Blonde

We present this work in honor of the poet’s 240th birthday.

11-29 Bello
Andres Bello
Chilean
1781 – 1865

 

Do you know, blonde, what favor I solicit
When I cover the altars with offerings?
Not rich furnishings, not superb lands,
Neither a table that flatters the appetite.

At the edge of Aragua I want a parcel
To supply me with simple pleasures,
And close to my rustic home
A brook that runs among the rocks.

To feel good around the summery warmth,
I also want my plot to have a grove,
Where the proud coconut and the willow can grow.

I’ll be happy if in this refuge I die;
And, upon exhaling my fugitive breath,
I stamp on your lips my last goodbye!

Honorary Jew

We present this work in honor of the First Day of Chanukah.

John Repp
American
b. 1953

 

The first year, I grated potatoes, chopped onions
& watched. The second year, I fed all but the eggs

into the machine & said I’ll do the latkes & did,
my pile of crisp delights borne to the feast by the wife

who baffled me, our books closed, banter hushed,
money useless in the apartment—house, my in-laws called it,

new-wave thump at one end, ganja reek at the other—
in which she’d knelt to tell the no one who listened

no more no no more no a three-year-old mouthing
the essential prayer. The uncle made rich by a song

stacked three & dug in, talking critics & Koch—
everyone crunching now, slathering applesauce, slurping tea—

talking Rabin & Mehitabel, radio & Durrell,
how a song is a poem or it isn’t a song

& vice-versa. Done, he pointed a greasy finger
at me, said You can’t be a goy. You—I say it

for all to hear—are an honorary Jew!
which, impossible dream, my latkes lived up to

for five more years. Then the wailing.
Then the dust.

“God is Departed from Me, and Answereth Me No More”

11-27 Hamilton
Janet Hamilton
Scots
1795 – 1873

 

A King has sought at midnight hour
The sorceress in her cell,
And bids invoke the Prophet’s shade,
His coming doom to tell.
He bows before the spectral form,
He speaks in anguish sore—
“God is departed from me,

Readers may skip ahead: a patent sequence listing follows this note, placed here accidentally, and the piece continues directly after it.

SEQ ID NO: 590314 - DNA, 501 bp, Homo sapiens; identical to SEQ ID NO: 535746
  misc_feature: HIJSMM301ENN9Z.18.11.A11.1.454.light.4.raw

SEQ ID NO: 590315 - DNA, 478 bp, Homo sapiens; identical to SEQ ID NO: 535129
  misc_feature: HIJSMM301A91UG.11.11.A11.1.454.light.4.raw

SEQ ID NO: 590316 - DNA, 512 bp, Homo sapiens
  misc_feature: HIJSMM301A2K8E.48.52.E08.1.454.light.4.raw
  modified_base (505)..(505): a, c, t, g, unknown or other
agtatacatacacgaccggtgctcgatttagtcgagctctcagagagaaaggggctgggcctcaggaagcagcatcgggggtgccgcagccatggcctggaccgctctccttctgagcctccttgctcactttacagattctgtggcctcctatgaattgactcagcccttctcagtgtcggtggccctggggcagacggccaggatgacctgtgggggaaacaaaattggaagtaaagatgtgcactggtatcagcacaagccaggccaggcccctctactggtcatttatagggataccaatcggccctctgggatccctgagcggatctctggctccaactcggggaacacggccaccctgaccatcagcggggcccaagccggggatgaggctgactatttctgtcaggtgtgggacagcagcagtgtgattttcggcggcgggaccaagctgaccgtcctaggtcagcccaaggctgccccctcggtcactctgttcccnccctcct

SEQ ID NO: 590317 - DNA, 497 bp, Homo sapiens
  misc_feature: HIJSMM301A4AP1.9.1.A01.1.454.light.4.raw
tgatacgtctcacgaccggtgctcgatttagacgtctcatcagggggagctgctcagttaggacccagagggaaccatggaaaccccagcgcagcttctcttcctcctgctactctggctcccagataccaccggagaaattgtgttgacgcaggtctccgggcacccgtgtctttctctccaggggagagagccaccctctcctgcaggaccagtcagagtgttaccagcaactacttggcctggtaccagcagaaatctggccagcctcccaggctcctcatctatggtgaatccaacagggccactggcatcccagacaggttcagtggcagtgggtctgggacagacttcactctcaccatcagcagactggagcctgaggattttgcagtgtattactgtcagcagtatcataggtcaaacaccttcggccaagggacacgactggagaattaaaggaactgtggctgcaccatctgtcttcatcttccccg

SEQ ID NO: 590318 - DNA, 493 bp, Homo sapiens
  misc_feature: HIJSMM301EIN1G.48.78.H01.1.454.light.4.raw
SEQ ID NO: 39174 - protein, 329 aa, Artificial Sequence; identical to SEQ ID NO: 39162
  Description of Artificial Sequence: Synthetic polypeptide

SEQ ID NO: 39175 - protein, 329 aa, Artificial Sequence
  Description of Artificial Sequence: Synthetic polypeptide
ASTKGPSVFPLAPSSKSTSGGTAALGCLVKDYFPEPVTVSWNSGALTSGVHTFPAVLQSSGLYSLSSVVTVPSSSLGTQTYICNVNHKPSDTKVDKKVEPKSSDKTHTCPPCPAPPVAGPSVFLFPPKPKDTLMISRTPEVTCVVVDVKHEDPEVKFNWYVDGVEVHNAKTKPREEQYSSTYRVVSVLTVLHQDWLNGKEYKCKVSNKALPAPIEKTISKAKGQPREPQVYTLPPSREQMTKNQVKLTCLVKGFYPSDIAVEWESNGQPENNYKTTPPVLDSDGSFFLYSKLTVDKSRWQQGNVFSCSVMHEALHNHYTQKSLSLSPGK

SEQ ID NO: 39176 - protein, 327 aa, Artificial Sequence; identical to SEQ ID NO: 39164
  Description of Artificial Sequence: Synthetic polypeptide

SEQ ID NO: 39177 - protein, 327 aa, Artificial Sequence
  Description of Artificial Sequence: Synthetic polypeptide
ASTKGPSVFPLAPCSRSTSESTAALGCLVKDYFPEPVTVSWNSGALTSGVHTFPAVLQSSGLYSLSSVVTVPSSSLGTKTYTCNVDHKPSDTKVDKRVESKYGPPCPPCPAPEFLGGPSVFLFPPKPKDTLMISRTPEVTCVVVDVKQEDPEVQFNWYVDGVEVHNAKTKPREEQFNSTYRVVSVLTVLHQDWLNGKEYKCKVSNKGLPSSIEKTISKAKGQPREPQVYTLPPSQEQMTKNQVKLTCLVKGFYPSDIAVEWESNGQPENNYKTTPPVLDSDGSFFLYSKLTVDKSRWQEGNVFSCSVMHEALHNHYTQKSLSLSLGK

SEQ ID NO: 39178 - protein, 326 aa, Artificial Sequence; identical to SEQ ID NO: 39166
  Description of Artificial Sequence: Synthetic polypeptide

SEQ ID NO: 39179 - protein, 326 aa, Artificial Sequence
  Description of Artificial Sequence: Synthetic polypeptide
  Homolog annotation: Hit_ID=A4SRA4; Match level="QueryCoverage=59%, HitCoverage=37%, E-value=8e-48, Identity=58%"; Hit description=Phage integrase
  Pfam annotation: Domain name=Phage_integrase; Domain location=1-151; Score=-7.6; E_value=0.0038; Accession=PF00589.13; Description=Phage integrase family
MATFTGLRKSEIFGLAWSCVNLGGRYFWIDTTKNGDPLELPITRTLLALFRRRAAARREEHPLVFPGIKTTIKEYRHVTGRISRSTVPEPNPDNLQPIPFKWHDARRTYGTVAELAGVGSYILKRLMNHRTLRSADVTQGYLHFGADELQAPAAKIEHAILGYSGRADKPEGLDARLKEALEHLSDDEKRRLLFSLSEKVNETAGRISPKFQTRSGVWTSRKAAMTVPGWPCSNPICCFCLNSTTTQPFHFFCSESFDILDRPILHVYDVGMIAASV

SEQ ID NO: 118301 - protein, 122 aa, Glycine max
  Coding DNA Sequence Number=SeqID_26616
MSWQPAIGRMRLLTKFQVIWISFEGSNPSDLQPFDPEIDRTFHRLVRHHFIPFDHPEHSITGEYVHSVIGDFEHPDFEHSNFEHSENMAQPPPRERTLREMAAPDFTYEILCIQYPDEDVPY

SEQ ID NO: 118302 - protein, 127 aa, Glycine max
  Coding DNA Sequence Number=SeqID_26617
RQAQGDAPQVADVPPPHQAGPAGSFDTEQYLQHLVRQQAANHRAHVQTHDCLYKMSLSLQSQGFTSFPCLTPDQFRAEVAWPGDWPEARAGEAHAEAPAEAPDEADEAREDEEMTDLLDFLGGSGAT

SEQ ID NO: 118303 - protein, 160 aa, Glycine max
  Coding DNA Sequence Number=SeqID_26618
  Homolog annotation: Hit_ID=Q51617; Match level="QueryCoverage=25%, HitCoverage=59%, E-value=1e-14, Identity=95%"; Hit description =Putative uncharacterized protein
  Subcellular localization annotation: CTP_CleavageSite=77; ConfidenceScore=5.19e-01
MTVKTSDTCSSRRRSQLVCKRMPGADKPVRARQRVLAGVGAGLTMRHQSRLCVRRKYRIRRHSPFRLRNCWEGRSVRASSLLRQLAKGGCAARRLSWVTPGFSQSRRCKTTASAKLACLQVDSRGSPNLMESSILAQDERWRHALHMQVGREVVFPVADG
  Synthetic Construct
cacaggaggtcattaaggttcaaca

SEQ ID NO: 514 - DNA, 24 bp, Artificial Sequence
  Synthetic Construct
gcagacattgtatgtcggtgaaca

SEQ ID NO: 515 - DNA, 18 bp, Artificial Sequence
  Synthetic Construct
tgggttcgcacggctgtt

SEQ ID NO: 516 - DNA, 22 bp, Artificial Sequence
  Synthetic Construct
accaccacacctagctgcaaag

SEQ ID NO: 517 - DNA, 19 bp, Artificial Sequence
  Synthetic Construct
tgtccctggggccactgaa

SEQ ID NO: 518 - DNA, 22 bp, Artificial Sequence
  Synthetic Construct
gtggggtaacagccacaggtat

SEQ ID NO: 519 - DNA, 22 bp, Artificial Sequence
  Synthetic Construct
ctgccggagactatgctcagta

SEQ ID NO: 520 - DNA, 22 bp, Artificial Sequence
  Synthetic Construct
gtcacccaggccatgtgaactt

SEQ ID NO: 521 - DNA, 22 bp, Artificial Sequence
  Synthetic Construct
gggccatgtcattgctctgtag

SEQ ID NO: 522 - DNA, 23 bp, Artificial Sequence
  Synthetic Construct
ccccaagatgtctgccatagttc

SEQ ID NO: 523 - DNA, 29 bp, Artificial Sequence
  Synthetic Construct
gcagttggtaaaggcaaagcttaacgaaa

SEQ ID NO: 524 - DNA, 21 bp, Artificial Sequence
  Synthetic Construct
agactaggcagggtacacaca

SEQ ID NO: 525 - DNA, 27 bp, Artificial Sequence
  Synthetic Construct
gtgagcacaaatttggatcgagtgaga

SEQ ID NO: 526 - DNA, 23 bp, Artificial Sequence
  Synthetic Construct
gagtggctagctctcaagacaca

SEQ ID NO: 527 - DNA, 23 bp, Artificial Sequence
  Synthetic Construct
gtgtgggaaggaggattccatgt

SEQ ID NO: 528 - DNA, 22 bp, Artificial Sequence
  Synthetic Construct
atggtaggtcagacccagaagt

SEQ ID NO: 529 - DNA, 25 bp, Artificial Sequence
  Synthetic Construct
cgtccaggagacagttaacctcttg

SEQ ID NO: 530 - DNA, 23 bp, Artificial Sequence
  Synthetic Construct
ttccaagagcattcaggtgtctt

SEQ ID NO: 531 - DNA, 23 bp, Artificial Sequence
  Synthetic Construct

And answereth me no more.”

Dark words—how pregnant with despair!
How fraught with hopeless woe!
Stern spake the spirit-seer—”What hope
When God He is thy foe?
And wherefore seek to know thy doom,
For this thou knew’st before?
“ ‘God is departed from thee,
And answereth thee no more!’

“The word which God hath spoke by me
He hath confirmed and done—
He rends the kingdom from thy hand;
His own anointed one,
Even David, he shall fill thy throne;
Thy reign, thy life is o’er—
‘God is departed from thee,
And answereth thee no more!’

“Since thou obey’dst not God, nor didst
His high behest fulfil,
He gives thy host, thy sons, thy life,
Up to the enemies’ will.
Thy soul, ere midnight glooms again,
Shall wing th’ eternal shore.
‘God is departed from thee,
And answereth thee no more.’“

He faints, he falls, on earth he lies,
That stately, peerless form,
Which oft had tower’d in Israel’s van
And ruled in battles’ storm.
Oh kingly oak! the thunder fires
Have scathed thine inmost core.
“God is departed from thee,
And answereth thee no more.”

Who runs may read this awful truth,
In lines of lightning traced,
The spoken, written Word of God,
Though trampled, scorn’d, defaced
By men of sin and pride, the earth
Shall burn, the heavens decay,
Ere Word of God, to man reveal’d,
Shall fail or pass away.

A Thanksgiving Poem

We present this work in honor of Thanksgiving.

11-25 Dunbar
Paul Laurence Dunbar
American
1872 – 1906

 

The sun hath shed its kindly light,
Our harvesting is gladly o’er
Our fields have felt no killing blight,
Our bins are filled with goodly store.

From pestilence, fire, flood, and sword
We have been spared by thy decree,
And now with humble hearts, O Lord,
We come to pay our thanks to thee.

We feel that had our merits been
The measure of thy gifts to us,
We erring children, born of sin,
Might not now be rejoicing thus.

No deed of our hath brought us grace;
When thou were nigh our sight was dull,
We hid in trembling from thy face,
But thou, O God, wert merciful.

Thy mighty hand o’er all the land
Hath still been open to bestow
Those blessings which our wants demand
From heaven, whence all blessings flow.

Thou hast, with ever watchful eye,
Looked down on us with holy care,
And from thy storehouse in the sky
Hast scattered plenty everywhere.

Then lift we up our songs of praise
To thee, O Father, good and kind;
To thee we consecrate our days;
Be thine the temple of each mind.

With incense sweet our thanks ascend;
Before thy works our powers pall;
Though we should strive years without end,
We could not thank thee for them all.

Well, Once Upon a Time, in Dribs and Drabs

11-24 Zakani
Ubayd Zakani
Persian
1300 – 1371

 

Well, once upon a time, in dribs and drabs,
Income turned up for me, throughout the year;

I’d dry bread and fresh herbs to hand, in case
A friend should unexpectedly appear;

And sometimes there’d be wine to drink, for when
A pretty boy or sweet young girl came here.

But now I’m getting on in years, my life
Has suddenly become much more austere;

I’ve neither dry to eat, nor wet to drink,
And all that’s in my house is me, my dear.

The Owl

11-22 Jia Yi
Jia Yi
Chinese
c. 200 B.C. – c. 169 B.C.

 

In the year tan-o,